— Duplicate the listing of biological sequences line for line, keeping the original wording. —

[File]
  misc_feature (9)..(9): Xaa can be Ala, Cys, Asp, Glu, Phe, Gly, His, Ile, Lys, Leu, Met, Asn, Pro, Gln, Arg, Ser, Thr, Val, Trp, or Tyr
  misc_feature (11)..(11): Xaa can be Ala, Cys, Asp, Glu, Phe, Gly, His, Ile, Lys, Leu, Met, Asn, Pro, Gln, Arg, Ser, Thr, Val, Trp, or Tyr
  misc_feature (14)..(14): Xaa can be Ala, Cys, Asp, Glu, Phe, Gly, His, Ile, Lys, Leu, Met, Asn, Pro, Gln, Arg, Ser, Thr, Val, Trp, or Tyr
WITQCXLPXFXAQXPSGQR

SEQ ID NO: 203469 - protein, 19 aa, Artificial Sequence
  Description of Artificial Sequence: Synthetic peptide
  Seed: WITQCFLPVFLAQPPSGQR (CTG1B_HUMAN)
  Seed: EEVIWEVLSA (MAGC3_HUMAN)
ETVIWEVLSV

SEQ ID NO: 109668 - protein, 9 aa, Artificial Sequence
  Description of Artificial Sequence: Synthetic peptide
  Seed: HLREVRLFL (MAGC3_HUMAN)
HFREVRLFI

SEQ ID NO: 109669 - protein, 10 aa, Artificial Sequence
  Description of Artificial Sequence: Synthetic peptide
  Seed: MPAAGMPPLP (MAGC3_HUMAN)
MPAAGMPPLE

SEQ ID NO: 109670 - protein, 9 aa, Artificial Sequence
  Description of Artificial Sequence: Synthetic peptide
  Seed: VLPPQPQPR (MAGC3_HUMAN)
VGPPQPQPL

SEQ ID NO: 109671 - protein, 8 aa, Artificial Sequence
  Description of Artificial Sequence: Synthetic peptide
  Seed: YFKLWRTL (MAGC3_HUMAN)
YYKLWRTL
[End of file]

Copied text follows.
  misc_feature (9)..(9): Xaa can be Ala, Cys, Asp, Glu, Phe, Gly, His, Ile, Lys, Leu, Met, Asn, Pro, Gln, Arg, Ser, Thr, Val, Trp, or Tyr
  misc_feature (11)..(11): Xaa can be Ala, Cys, Asp, Glu, Phe, Gly, His, Ile, Lys, Leu, Met, Asn, Pro, Gln, Arg, Ser, Thr, Val, Trp, or Tyr
  misc_feature (14)..(14): Xaa can be Ala, Cys, Asp, Glu, Phe, Gly, His, Ile, Lys, Leu, Met, Asn, Pro, Gln, Arg, Ser, Thr, Val, Trp, or Tyr
WITQCXLPXFXAQXPSGQR

SEQ ID NO: 203469 - protein, 19 aa, Artificial Sequence
  Description of Artificial Sequence: Synthetic peptide
  Seed: WITQCFLPVFLAQPPSGQR (CTG1B_HUMAN)
  Seed: EEVIWEVLSA (MAGC3_HUMAN)
ETVIWEVLSV

SEQ ID NO: 109668 - protein, 9 aa, Artificial Sequence
  Description of Artificial Sequence: Synthetic peptide
  Seed: HLREVRLFL (MAGC3_HUMAN)
HFREVRLFI

SEQ ID NO: 109669 - protein, 10 aa, Artificial Sequence
  Description of Artificial Sequence: Synthetic peptide
  Seed: MPAAGMPPLP (MAGC3_HUMAN)
MPAAGMPPLE

SEQ ID NO: 109670 - protein, 9 aa, Artificial Sequence
  Description of Artificial Sequence: Synthetic peptide
  Seed: VLPPQPQPR (MAGC3_HUMAN)
VGPPQPQPL

SEQ ID NO: 109671 - protein, 8 aa, Artificial Sequence
  Description of Artificial Sequence: Synthetic peptide
  Seed: YFKLWRTL (MAGC3_HUMAN)
YYKLWRTL